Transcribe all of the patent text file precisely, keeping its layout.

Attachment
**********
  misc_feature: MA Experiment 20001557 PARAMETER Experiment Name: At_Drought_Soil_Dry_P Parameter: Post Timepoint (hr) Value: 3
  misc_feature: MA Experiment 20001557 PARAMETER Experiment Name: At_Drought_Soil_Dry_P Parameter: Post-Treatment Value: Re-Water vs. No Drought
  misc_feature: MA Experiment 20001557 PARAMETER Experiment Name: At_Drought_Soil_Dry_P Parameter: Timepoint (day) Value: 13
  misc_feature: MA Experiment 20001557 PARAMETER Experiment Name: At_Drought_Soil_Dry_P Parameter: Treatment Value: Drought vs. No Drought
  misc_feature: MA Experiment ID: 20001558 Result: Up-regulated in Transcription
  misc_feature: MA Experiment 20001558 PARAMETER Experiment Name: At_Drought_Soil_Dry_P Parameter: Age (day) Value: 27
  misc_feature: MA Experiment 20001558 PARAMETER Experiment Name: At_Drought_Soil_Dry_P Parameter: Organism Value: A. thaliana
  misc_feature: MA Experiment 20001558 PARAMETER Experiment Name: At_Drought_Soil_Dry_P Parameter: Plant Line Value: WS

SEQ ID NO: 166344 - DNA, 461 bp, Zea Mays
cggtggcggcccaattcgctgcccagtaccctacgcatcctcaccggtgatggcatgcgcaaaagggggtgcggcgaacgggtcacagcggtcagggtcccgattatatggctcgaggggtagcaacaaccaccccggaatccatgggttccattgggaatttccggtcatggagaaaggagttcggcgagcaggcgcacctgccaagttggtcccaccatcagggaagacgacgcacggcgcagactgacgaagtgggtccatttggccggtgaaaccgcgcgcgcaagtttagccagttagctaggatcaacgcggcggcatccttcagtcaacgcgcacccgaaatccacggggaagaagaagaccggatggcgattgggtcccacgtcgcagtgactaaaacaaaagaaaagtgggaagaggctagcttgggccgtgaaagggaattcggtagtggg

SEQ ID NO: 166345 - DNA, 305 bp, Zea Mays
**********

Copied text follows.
  misc_feature: MA Experiment 20001557 PARAMETER Experiment Name: At_Drought_Soil_Dry_P Parameter: Post Timepoint (hr) Value: 3
  misc_feature: MA Experiment 20001557 PARAMETER Experiment Name: At_Drought_Soil_Dry_P Parameter: Post-Treatment Value: Re-Water vs. No Drought
  misc_feature: MA Experiment 20001557 PARAMETER Experiment Name: At_Drought_Soil_Dry_P Parameter: Timepoint (day) Value: 13
  misc_feature: MA Experiment 20001557 PARAMETER Experiment Name: At_Drought_Soil_Dry_P Parameter: Treatment Value: Drought vs. No Drought
  misc_feature: MA Experiment ID: 20001558 Result: Up-regulated in Transcription
  misc_feature: MA Experiment 20001558 PARAMETER Experiment Name: At_Drought_Soil_Dry_P Parameter: Age (day) Value: 27
  misc_feature: MA Experiment 20001558 PARAMETER Experiment Name: At_Drought_Soil_Dry_P Parameter: Organism Value: A. thaliana
  misc_feature: MA Experiment 20001558 PARAMETER Experiment Name: At_Drought_Soil_Dry_P Parameter: Plant Line Value: WS

SEQ ID NO: 166344 - DNA, 461 bp, Zea Mays
cggtggcggcccaattcgctgcccagtaccctacgcatcctcaccggtgatggcatgcgcaaaagggggtgcggcgaacgggtcacagcggtcagggtcccgattatatggctcgaggggtagcaacaaccaccccggaatccatgggttccattgggaatttccggtcatggagaaaggagttcggcgagcaggcgcacctgccaagttggtcccaccatcagggaagacgacgcacggcgcagactgacgaagtgggtccatttggccggtgaaaccgcgcgcgcaagtttagccagttagctaggatcaacgcggcggcatccttcagtcaacgcgcacccgaaatccacggggaagaagaagaccggatggcgattgggtcccacgtcgcagtgactaaaacaaaagaaaagtgggaagaggctagcttgggccgtgaaagggaattcggtagtggg

SEQ ID NO: 166345 - DNA, 305 bp, Zea Mays